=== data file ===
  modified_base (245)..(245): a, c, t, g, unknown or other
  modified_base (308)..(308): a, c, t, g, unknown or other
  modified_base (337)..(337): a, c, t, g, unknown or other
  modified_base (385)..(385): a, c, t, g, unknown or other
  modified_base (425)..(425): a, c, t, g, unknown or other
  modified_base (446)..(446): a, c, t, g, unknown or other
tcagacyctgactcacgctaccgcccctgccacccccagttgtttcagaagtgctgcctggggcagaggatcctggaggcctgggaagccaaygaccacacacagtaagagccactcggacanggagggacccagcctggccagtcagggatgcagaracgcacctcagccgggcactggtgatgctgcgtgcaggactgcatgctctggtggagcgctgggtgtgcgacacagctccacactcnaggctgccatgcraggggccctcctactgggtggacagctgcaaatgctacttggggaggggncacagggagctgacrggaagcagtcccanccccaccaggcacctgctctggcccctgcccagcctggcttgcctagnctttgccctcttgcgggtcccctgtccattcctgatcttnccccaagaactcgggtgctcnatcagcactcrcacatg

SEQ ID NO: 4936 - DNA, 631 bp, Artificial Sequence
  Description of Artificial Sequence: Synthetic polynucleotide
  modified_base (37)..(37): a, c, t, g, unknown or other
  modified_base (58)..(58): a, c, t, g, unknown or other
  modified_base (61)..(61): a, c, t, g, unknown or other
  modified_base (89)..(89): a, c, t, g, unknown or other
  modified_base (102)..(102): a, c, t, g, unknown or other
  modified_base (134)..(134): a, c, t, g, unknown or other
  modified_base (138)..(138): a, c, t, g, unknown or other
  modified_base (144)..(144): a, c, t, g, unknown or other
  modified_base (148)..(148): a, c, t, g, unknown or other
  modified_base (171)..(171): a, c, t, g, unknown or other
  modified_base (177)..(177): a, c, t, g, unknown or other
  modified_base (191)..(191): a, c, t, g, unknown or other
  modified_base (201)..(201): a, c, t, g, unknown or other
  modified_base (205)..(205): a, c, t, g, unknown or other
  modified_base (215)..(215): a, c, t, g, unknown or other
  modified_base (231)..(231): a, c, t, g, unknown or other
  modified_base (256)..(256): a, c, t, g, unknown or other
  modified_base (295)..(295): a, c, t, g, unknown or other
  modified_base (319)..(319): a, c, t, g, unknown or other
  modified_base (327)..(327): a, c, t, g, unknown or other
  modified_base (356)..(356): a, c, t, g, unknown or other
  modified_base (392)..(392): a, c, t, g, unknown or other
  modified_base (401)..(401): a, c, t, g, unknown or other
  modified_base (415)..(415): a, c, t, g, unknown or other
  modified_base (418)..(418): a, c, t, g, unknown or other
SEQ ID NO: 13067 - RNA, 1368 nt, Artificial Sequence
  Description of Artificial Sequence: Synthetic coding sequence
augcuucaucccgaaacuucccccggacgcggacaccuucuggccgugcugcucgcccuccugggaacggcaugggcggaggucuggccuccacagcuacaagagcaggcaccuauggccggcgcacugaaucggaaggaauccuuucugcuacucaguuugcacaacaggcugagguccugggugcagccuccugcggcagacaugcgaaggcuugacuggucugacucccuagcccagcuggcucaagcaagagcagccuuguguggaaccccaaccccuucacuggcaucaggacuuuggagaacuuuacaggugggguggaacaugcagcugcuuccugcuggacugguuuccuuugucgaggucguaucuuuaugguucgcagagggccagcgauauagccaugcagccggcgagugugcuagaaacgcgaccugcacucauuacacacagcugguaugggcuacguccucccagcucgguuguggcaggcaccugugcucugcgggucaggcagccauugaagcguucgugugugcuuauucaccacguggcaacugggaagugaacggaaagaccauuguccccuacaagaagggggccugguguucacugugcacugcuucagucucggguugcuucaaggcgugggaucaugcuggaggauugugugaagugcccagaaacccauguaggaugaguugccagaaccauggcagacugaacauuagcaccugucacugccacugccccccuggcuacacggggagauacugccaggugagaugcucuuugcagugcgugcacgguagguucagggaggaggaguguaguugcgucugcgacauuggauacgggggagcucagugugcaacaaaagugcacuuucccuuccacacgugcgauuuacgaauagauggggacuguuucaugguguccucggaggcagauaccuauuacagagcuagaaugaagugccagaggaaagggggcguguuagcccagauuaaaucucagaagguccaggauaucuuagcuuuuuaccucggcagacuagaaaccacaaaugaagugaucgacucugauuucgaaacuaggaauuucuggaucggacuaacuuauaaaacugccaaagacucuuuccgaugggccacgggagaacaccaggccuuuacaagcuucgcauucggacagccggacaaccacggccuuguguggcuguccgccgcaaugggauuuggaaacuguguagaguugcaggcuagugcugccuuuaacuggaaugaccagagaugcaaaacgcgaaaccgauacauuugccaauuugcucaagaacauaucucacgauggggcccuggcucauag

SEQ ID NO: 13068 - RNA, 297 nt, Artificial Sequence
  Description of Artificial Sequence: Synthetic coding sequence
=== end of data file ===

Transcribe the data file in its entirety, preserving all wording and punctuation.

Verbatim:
  modified_base (245)..(245): a, c, t, g, unknown or other
  modified_base (308)..(308): a, c, t, g, unknown or other
  modified_base (337)..(337): a, c, t, g, unknown or other
  modified_base (385)..(385): a, c, t, g, unknown or other
  modified_base (425)..(425): a, c, t, g, unknown or other
  modified_base (446)..(446): a, c, t, g, unknown or other
tcagacyctgactcacgctaccgcccctgccacccccagttgtttcagaagtgctgcctggggcagaggatcctggaggcctgggaagccaaygaccacacacagtaagagccactcggacanggagggacccagcctggccagtcagggatgcagaracgcacctcagccgggcactggtgatgctgcgtgcaggactgcatgctctggtggagcgctgggtgtgcgacacagctccacactcnaggctgccatgcraggggccctcctactgggtggacagctgcaaatgctacttggggaggggncacagggagctgacrggaagcagtcccanccccaccaggcacctgctctggcccctgcccagcctggcttgcctagnctttgccctcttgcgggtcccctgtccattcctgatcttnccccaagaactcgggtgctcnatcagcactcrcacatg

SEQ ID NO: 4936 - DNA, 631 bp, Artificial Sequence
  Description of Artificial Sequence: Synthetic polynucleotide
  modified_base (37)..(37): a, c, t, g, unknown or other
  modified_base (58)..(58): a, c, t, g, unknown or other
  modified_base (61)..(61): a, c, t, g, unknown or other
  modified_base (89)..(89): a, c, t, g, unknown or other
  modified_base (102)..(102): a, c, t, g, unknown or other
  modified_base (134)..(134): a, c, t, g, unknown or other
  modified_base (138)..(138): a, c, t, g, unknown or other
  modified_base (144)..(144): a, c, t, g, unknown or other
  modified_base (148)..(148): a, c, t, g, unknown or other
  modified_base (171)..(171): a, c, t, g, unknown or other
  modified_base (177)..(177): a, c, t, g, unknown or other
  modified_base (191)..(191): a, c, t, g, unknown or other
  modified_base (201)..(201): a, c, t, g, unknown or other
  modified_base (205)..(205): a, c, t, g, unknown or other
  modified_base (215)..(215): a, c, t, g, unknown or other
  modified_base (231)..(231): a, c, t, g, unknown or other
  modified_base (256)..(256): a, c, t, g, unknown or other
  modified_base (295)..(295): a, c, t, g, unknown or other
  modified_base (319)..(319): a, c, t, g, unknown or other
  modified_base (327)..(327): a, c, t, g, unknown or other
  modified_base (356)..(356): a, c, t, g, unknown or other
  modified_base (392)..(392): a, c, t, g, unknown or other
  modified_base (401)..(401): a, c, t, g, unknown or other
  modified_base (415)..(415): a, c, t, g, unknown or other
  modified_base (418)..(418): a, c, t, g, unknown or other
SEQ ID NO: 13067 - RNA, 1368 nt, Artificial Sequence
  Description of Artificial Sequence: Synthetic coding sequence
augcuucaucccgaaacuucccccggacgcggacaccuucuggccgugcugcucgcccuccugggaacggcaugggcggaggucuggccuccacagcuacaagagcaggcaccuauggccggcgcacugaaucggaaggaauccuuucugcuacucaguuugcacaacaggcugagguccugggugcagccuccugcggcagacaugcgaaggcuugacuggucugacucccuagcccagcuggcucaagcaagagcagccuuguguggaaccccaaccccuucacuggcaucaggacuuuggagaacuuuacaggugggguggaacaugcagcugcuuccugcuggacugguuuccuuugucgaggucguaucuuuaugguucgcagagggccagcgauauagccaugcagccggcgagugugcuagaaacgcgaccugcacucauuacacacagcugguaugggcuacguccucccagcucgguuguggcaggcaccugugcucugcgggucaggcagccauugaagcguucgugugugcuuauucaccacguggcaacugggaagugaacggaaagaccauuguccccuacaagaagggggccugguguucacugugcacugcuucagucucggguugcuucaaggcgugggaucaugcuggaggauugugugaagugcccagaaacccauguaggaugaguugccagaaccauggcagacugaacauuagcaccugucacugccacugccccccuggcuacacggggagauacugccaggugagaugcucuuugcagugcgugcacgguagguucagggaggaggaguguaguugcgucugcgacauuggauacgggggagcucagugugcaacaaaagugcacuuucccuuccacacgugcgauuuacgaauagauggggacuguuucaugguguccucggaggcagauaccuauuacagagcuagaaugaagugccagaggaaagggggcguguuagcccagauuaaaucucagaagguccaggauaucuuagcuuuuuaccucggcagacuagaaaccacaaaugaagugaucgacucugauuucgaaacuaggaauuucuggaucggacuaacuuauaaaacugccaaagacucuuuccgaugggccacgggagaacaccaggccuuuacaagcuucgcauucggacagccggacaaccacggccuuguguggcuguccgccgcaaugggauuuggaaacuguguagaguugcaggcuagugcugccuuuaacuggaaugaccagagaugcaaaacgcgaaaccgauacauuugccaauuugcucaagaacauaucucacgauggggcccuggcucauag

SEQ ID NO: 13068 - RNA, 297 nt, Artificial Sequence
  Description of Artificial Sequence: Synthetic coding sequence